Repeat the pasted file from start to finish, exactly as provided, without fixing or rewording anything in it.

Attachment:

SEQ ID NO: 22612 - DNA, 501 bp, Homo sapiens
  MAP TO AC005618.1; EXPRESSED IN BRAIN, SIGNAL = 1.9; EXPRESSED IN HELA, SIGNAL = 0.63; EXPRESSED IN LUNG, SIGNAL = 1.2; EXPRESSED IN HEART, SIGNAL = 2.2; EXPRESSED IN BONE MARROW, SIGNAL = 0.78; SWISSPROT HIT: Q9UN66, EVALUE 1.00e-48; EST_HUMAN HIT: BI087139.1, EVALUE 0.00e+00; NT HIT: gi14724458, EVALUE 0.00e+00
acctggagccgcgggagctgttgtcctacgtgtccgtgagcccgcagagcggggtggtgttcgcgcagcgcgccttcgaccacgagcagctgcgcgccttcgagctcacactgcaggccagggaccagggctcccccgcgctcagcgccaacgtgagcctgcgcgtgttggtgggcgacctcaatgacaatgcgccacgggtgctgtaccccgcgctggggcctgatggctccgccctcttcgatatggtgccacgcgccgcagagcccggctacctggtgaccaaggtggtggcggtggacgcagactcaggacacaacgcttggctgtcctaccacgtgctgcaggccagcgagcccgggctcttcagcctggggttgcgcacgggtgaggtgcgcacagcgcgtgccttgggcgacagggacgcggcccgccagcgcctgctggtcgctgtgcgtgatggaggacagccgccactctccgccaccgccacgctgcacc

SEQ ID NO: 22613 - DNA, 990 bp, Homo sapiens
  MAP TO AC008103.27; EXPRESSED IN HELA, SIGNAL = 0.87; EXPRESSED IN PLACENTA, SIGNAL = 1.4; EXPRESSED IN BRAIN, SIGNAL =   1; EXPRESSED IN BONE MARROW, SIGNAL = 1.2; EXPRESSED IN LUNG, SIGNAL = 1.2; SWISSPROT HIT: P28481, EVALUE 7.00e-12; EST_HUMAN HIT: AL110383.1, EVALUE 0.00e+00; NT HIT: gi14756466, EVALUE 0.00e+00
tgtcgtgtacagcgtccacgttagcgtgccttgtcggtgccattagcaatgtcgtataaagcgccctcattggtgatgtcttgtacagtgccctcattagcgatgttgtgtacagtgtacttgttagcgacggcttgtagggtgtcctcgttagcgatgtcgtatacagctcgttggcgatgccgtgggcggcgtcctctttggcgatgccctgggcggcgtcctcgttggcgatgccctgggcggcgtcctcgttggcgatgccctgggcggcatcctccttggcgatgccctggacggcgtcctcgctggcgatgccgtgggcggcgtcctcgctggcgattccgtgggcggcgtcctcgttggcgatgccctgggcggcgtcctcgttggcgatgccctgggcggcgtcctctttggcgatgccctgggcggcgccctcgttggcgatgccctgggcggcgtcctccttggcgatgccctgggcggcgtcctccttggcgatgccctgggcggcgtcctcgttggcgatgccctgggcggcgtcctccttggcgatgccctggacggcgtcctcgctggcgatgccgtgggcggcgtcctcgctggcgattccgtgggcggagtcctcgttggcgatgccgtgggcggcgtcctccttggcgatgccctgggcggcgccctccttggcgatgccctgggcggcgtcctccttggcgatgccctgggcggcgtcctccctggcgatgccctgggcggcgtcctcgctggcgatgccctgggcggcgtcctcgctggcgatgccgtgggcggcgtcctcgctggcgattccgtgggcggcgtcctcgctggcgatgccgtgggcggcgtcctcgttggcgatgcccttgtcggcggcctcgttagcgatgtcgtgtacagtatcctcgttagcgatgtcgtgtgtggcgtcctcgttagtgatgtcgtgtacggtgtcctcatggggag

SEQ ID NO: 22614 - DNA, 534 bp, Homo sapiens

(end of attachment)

SEQ ID NO: 22612 - DNA, 501 bp, Homo sapiens
  MAP TO AC005618.1; EXPRESSED IN BRAIN, SIGNAL = 1.9; EXPRESSED IN HELA, SIGNAL = 0.63; EXPRESSED IN LUNG, SIGNAL = 1.2; EXPRESSED IN HEART, SIGNAL = 2.2; EXPRESSED IN BONE MARROW, SIGNAL = 0.78; SWISSPROT HIT: Q9UN66, EVALUE 1.00e-48; EST_HUMAN HIT: BI087139.1, EVALUE 0.00e+00; NT HIT: gi14724458, EVALUE 0.00e+00
acctggagccgcgggagctgttgtcctacgtgtccgtgagcccgcagagcggggtggtgttcgcgcagcgcgccttcgaccacgagcagctgcgcgccttcgagctcacactgcaggccagggaccagggctcccccgcgctcagcgccaacgtgagcctgcgcgtgttggtgggcgacctcaatgacaatgcgccacgggtgctgtaccccgcgctggggcctgatggctccgccctcttcgatatggtgccacgcgccgcagagcccggctacctggtgaccaaggtggtggcggtggacgcagactcaggacacaacgcttggctgtcctaccacgtgctgcaggccagcgagcccgggctcttcagcctggggttgcgcacgggtgaggtgcgcacagcgcgtgccttgggcgacagggacgcggcccgccagcgcctgctggtcgctgtgcgtgatggaggacagccgccactctccgccaccgccacgctgcacc

SEQ ID NO: 22613 - DNA, 990 bp, Homo sapiens
  MAP TO AC008103.27; EXPRESSED IN HELA, SIGNAL = 0.87; EXPRESSED IN PLACENTA, SIGNAL = 1.4; EXPRESSED IN BRAIN, SIGNAL =   1; EXPRESSED IN BONE MARROW, SIGNAL = 1.2; EXPRESSED IN LUNG, SIGNAL = 1.2; SWISSPROT HIT: P28481, EVALUE 7.00e-12; EST_HUMAN HIT: AL110383.1, EVALUE 0.00e+00; NT HIT: gi14756466, EVALUE 0.00e+00
tgtcgtgtacagcgtccacgttagcgtgccttgtcggtgccattagcaatgtcgtataaagcgccctcattggtgatgtcttgtacagtgccctcattagcgatgttgtgtacagtgtacttgttagcgacggcttgtagggtgtcctcgttagcgatgtcgtatacagctcgttggcgatgccgtgggcggcgtcctctttggcgatgccctgggcggcgtcctcgttggcgatgccctgggcggcgtcctcgttggcgatgccctgggcggcatcctccttggcgatgccctggacggcgtcctcgctggcgatgccgtgggcggcgtcctcgctggcgattccgtgggcggcgtcctcgttggcgatgccctgggcggcgtcctcgttggcgatgccctgggcggcgtcctctttggcgatgccctgggcggcgccctcgttggcgatgccctgggcggcgtcctccttggcgatgccctgggcggcgtcctccttggcgatgccctgggcggcgtcctcgttggcgatgccctgggcggcgtcctccttggcgatgccctggacggcgtcctcgctggcgatgccgtgggcggcgtcctcgctggcgattccgtgggcggagtcctcgttggcgatgccgtgggcggcgtcctccttggcgatgccctgggcggcgccctccttggcgatgccctgggcggcgtcctccttggcgatgccctgggcggcgtcctccctggcgatgccctgggcggcgtcctcgctggcgatgccctgggcggcgtcctcgctggcgatgccgtgggcggcgtcctcgctggcgattccgtgggcggcgtcctcgctggcgatgccgtgggcggcgtcctcgttggcgatgcccttgtcggcggcctcgttagcgatgtcgtgtacagtatcctcgttagcgatgtcgtgtgtggcgtcctcgttagtgatgtcgtgtacggtgtcctcatggggag

SEQ ID NO: 22614 - DNA, 534 bp, Homo sapiens